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Canadian federal 'Tea Party' missing in action.

Barack Obama and Stephen Harper have something important in common--both have misunderstood what helped to get them elected. On the surface, they both seemed sincere. They both had a vision, albeit two very different visions, but each seemingly borne of conviction for change. Since being elected, both now have come to represent exactly that thing their supporters wanted them not to be--establishment politicians who, in effect, represent the status quo.

Unlike in the U.S. where the Tea Party movement is largely about opposing run-away spending and big government, in Canada the growing restlessness is also about citizens wanting to take back their governments. If it was only about taxes and spending in Canada, then British Columbia's NDP wouldn't be leading in the polls.

A large element of frustration with the status quo has to do with voters feeling disempowered; feeling taken for granted; being lied to for too long by too many politicians; by having politicians hold themselves to a lower standard than all others are held; by having politicians say one thing in a campaign and then doing another once elected.

Sadly, today Harper and Ignatieff at the federal level both represent just that cynical kind of politician. Many voters don't want to accept this. If history is any indication at the federal level, without systemic reform of our democratic practices and powers, simply swapping a new group of politicians for the old will ensure a similar outcome.

What is needed is systemic democratic reform to ensure that there is accountability where in the past, there has been none. These reforms would come in three areas: how MPs are selected, powers MPs have once elected, and powers for voters as further checks on the power of government.

First, we need to change how MPs get selected. Currently most political parties protect an incumbent MP from any nomination challenge. Once an MP wins a seat he or she is rarely ever challenged. This means that in a safe seat an MP may serve for decades without ever having to compete for the nomination within his or her own party.

MPs will argue that they are held accountable during a general election. However, as most safe seats, are, well ... safe, this amounts to a meaningless affirmation.

Relatedly, voting in the nomination in the first place is limited to a purchased membership in a political party. If anyone who chooses to were allowed to register to vote in an open primary, a local MP would be better motivated to represent the wide interests of the community, instead of the national party interests.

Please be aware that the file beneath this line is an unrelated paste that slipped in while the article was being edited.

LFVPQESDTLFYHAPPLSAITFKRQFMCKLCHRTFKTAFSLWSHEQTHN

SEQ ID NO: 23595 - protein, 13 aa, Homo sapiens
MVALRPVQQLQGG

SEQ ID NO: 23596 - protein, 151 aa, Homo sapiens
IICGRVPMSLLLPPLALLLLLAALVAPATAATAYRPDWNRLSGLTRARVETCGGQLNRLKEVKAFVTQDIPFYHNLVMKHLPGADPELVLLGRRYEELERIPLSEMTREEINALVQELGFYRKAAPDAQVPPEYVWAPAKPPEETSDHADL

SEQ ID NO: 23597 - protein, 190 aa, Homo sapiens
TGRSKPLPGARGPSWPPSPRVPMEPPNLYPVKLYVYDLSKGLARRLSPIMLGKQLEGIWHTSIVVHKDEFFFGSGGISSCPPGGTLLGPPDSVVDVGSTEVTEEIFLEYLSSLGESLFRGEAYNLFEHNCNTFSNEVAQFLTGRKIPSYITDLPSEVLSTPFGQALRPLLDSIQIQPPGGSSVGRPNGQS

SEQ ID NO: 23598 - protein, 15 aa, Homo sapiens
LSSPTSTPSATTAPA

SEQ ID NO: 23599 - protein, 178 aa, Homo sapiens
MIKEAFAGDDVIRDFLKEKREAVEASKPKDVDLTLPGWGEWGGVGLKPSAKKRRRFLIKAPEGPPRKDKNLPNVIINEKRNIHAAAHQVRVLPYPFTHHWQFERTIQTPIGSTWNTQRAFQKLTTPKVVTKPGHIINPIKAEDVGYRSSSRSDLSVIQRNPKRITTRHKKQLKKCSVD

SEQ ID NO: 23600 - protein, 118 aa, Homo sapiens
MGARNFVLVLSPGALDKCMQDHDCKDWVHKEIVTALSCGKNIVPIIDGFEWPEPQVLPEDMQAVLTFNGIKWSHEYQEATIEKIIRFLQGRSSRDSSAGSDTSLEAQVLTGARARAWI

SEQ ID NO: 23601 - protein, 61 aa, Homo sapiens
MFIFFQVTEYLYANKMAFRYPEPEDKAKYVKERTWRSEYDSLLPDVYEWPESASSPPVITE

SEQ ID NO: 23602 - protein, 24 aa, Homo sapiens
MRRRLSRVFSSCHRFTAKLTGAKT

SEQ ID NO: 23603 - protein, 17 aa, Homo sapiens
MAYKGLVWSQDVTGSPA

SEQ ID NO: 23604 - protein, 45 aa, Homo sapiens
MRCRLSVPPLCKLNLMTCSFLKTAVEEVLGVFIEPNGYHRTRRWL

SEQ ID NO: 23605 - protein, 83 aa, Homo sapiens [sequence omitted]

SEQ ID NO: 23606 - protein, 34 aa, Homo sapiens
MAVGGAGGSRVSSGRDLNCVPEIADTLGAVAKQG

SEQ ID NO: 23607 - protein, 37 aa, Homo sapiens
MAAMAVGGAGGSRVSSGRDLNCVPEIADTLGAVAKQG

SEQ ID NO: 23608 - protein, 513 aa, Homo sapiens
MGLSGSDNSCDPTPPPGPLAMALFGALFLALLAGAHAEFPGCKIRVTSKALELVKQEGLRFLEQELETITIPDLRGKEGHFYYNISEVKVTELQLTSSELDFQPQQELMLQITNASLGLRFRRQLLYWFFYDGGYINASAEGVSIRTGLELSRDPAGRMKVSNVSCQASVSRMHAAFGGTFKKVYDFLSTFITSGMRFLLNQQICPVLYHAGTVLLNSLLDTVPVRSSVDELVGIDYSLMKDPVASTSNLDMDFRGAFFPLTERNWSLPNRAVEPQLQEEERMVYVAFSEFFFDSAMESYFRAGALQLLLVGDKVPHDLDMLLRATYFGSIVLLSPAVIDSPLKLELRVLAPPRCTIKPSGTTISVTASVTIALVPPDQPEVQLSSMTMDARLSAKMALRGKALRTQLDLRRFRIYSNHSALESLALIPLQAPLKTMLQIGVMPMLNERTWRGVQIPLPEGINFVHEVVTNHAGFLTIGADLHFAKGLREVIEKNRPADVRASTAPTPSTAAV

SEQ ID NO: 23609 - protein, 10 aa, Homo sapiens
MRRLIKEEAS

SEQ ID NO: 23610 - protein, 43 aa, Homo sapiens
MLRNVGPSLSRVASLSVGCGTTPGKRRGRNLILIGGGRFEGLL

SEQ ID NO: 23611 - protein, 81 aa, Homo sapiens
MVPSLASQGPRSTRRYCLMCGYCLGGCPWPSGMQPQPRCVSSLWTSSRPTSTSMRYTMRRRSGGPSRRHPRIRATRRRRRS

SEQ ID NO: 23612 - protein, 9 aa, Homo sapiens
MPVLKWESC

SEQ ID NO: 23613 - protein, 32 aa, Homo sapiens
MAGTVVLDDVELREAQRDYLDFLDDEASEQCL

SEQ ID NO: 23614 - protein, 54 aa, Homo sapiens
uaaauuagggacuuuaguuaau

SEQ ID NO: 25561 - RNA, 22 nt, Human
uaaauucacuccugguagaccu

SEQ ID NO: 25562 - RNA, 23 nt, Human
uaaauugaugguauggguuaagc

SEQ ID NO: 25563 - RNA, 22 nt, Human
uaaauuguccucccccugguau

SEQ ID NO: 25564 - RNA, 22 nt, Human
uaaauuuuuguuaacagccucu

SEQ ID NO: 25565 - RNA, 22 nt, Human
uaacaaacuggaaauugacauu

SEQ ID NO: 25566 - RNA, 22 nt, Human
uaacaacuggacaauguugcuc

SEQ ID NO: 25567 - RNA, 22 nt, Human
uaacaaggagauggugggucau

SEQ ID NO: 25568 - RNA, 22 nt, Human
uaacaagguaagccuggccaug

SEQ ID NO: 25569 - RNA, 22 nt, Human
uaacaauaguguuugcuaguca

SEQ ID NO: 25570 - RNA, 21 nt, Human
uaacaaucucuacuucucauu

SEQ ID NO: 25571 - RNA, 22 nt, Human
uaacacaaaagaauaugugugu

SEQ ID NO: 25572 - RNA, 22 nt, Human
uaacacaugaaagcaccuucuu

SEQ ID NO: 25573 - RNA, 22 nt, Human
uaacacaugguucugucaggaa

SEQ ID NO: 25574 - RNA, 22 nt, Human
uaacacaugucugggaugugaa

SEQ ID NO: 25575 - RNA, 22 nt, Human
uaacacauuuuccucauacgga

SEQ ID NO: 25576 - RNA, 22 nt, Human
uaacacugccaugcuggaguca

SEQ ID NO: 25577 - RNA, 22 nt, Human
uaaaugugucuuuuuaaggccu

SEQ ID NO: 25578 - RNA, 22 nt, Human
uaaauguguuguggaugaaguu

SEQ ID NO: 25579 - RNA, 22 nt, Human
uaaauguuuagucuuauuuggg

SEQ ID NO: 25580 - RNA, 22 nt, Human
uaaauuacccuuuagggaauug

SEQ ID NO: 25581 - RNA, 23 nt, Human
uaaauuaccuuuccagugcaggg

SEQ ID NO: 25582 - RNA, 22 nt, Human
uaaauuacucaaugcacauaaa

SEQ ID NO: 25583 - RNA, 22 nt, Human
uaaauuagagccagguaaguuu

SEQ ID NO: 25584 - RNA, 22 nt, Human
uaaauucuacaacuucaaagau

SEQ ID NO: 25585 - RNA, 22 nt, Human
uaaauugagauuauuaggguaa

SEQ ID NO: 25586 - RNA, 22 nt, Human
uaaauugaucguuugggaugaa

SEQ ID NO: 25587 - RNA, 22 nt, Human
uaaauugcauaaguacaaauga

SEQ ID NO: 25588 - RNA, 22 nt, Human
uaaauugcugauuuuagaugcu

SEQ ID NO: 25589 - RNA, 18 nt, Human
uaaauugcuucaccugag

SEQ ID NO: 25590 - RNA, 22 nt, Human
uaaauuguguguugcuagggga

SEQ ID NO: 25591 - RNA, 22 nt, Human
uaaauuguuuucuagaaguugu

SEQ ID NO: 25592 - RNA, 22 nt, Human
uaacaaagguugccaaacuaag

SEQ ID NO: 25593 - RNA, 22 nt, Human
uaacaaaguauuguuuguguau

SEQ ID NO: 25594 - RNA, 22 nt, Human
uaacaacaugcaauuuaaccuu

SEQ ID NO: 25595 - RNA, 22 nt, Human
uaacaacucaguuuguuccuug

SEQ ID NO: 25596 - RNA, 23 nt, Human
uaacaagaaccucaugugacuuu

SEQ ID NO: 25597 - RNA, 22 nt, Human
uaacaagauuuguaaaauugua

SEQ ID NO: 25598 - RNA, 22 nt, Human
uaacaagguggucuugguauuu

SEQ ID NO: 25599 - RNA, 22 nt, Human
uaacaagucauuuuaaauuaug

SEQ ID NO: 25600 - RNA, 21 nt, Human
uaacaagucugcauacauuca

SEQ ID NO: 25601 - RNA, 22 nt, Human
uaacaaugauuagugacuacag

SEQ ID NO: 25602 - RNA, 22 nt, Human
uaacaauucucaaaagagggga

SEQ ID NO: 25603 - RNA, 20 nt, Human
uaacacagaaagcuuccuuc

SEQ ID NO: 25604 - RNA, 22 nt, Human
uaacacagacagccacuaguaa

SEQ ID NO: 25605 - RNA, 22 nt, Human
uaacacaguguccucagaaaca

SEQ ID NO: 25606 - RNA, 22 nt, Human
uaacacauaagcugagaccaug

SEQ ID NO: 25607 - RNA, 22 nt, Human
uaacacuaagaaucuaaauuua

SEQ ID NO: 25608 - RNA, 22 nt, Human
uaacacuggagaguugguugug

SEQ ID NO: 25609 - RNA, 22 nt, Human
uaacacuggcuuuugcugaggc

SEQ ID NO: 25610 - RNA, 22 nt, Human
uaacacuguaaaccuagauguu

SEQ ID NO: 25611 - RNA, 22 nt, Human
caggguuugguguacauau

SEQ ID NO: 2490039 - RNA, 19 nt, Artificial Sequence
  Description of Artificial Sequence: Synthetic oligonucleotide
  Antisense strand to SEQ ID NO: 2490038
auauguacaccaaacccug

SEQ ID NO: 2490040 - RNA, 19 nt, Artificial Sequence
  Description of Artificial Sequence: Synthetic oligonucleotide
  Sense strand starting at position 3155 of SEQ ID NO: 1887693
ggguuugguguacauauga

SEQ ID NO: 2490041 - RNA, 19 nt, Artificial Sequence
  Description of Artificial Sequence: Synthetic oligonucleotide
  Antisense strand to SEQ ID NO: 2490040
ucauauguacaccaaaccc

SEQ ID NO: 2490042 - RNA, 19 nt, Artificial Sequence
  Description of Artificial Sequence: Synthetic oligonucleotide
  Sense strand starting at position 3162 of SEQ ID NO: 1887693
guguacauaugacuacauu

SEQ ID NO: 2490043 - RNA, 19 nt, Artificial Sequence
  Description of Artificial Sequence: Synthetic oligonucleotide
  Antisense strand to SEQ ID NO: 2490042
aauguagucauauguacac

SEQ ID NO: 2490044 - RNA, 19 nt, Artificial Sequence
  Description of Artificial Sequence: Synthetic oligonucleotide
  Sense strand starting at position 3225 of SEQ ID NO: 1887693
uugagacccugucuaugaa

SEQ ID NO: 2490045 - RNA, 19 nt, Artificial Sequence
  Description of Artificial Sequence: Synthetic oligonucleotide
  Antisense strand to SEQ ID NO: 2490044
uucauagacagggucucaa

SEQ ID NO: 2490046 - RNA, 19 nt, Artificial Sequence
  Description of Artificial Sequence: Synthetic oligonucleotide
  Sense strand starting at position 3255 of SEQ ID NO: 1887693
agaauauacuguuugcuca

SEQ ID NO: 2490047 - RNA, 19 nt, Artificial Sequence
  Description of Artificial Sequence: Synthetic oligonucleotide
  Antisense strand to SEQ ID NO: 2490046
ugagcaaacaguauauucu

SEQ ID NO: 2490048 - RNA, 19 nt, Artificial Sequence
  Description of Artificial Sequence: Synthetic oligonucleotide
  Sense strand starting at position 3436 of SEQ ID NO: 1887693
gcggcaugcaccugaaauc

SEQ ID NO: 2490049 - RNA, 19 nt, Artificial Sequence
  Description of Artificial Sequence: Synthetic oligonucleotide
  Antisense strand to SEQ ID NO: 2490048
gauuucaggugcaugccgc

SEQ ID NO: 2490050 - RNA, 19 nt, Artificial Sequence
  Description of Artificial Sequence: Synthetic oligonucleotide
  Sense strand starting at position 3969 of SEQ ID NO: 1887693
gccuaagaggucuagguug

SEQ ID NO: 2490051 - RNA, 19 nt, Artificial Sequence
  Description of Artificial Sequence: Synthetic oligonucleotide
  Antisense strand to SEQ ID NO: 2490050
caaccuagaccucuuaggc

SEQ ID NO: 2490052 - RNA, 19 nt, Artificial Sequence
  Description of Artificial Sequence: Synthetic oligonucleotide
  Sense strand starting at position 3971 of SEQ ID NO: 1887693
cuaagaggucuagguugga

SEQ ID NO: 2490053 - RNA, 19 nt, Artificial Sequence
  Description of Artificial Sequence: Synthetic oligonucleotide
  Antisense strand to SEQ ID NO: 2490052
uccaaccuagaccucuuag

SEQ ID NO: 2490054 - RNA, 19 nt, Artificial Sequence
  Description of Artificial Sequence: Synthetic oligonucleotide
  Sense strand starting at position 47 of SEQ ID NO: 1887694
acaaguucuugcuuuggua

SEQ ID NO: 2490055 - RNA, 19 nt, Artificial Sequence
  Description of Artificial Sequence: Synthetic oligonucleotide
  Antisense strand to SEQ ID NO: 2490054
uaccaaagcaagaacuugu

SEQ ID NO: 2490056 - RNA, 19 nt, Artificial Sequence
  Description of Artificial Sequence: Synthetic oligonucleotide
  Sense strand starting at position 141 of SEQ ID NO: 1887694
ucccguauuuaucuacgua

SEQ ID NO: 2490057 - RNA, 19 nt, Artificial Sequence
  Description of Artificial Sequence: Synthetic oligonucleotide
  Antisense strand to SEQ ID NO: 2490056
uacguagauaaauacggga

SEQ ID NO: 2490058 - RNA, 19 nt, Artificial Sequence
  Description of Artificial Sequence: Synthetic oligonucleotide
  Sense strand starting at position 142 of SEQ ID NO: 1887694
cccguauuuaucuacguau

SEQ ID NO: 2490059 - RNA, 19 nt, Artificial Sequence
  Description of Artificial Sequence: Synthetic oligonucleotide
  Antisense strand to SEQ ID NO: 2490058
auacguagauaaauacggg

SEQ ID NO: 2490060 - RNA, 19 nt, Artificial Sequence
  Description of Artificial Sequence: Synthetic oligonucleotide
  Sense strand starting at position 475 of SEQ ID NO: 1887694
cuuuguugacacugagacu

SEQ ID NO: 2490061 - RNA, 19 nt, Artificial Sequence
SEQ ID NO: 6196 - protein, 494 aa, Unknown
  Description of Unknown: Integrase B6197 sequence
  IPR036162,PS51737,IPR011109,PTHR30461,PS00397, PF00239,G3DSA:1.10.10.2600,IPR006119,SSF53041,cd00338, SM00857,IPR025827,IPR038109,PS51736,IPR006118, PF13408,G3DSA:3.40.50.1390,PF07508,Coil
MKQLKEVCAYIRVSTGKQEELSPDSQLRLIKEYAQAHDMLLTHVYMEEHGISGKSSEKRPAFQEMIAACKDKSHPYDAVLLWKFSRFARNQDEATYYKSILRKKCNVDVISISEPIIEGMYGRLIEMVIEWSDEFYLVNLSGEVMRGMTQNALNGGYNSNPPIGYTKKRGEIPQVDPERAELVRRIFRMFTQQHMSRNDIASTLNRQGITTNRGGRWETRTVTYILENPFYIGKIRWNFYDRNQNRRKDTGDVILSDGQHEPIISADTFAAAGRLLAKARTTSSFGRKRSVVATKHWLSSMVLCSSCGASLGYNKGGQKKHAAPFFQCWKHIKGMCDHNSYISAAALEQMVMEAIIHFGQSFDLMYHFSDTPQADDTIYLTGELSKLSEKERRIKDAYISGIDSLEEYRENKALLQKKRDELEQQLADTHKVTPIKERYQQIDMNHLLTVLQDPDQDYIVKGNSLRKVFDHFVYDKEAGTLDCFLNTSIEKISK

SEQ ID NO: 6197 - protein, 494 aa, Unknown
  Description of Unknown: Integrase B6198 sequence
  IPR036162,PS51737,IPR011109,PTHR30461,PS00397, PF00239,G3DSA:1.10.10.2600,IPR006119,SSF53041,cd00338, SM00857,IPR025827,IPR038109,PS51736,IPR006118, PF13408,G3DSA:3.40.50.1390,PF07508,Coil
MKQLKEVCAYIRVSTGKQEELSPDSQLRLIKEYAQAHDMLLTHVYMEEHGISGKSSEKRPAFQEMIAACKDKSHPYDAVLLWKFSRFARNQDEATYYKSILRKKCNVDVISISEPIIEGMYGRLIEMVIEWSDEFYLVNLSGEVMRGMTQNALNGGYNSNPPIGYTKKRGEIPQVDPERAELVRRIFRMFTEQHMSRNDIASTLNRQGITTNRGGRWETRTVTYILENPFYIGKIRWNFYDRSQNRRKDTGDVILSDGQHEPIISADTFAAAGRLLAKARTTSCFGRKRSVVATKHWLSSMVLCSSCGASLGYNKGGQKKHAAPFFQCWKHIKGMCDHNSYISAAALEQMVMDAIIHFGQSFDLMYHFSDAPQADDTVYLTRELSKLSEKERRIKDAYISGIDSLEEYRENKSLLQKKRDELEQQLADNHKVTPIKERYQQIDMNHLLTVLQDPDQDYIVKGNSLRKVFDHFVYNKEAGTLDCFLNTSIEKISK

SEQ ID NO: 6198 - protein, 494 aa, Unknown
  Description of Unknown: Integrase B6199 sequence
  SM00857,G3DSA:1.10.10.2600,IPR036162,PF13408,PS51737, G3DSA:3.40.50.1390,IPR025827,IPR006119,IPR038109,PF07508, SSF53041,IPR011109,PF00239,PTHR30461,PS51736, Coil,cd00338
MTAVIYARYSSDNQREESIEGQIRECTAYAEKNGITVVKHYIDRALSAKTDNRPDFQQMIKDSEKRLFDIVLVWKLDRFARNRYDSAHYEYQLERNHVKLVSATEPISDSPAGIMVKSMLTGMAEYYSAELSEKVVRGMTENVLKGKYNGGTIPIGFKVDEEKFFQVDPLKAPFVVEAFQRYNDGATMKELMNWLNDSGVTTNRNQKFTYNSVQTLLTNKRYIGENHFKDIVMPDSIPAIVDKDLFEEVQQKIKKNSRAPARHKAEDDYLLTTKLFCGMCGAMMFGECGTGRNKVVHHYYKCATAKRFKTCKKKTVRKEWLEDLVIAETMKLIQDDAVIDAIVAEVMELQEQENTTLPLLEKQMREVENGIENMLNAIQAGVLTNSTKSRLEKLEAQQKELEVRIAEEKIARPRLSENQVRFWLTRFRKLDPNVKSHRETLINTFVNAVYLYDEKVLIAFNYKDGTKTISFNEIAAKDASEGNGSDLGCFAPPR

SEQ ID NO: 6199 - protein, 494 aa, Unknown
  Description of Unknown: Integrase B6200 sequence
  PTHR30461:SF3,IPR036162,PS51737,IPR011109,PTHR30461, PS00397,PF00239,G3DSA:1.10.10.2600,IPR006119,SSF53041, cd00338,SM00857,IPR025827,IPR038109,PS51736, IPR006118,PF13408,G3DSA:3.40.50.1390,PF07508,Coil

Second, give more powers to MPs and strip some from the Prime Minister. Give back to committees the powers and resources to review and approve all budgets. Open all votes including the budget to make them free for MPs to vote as they choose. The only government-threatening motion should be a specific nonconfidence motion. Set--and stick to--fixed election dates to avoid the constant threat of failed votes causing another election. Oh, and then there's the small matter of our Senate. It either needs to be elected or abolished outright.

Third, citizens need to be empowered by having access to more democratic tools between elections. Just look at British Columbia where 700,000 citizens signed a petition forcing a vote on the Harmonized Sales Tax. While the legislation in B.C. isn't perfect, at least they have legislation. You could have seven million Canadians sign a petition at the federal level demanding a referendum on an issue and it wouldn't matter unless the government decided to act.

British Columbians again have the distinction of being the only jurisdiction in Canada of having legislation that gives citizens the ability to recall a politician.

In the U.S. the Tea Party movement isn't demanding these same democratic powers, mainly because many U.S. states already have them in place. Twenty-nine U.S. states have some form of recall legislation and 24 have some form of citizens' initiative referendum legislation. Further, U.S. legislatures aren't always on election-watch because of majority-led legislation being defeated.

While there is no anti-establishment Tea Party movement at the federal level in Canada yet, there could be unless voters are properly empowered. Politicians would be wise to get ahead of the curve and empower citizens now, rather than wait for the revolt.

--Kevin Gaudet, Federal Director, Canadian Taxpayers Federation:

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Title Annotation:Editorial
Author:Gaudet, Kevin
Publication:Paris Chronicle (Paris, Canada)
Geographic Code:1CANA
Date:Dec 1, 2010
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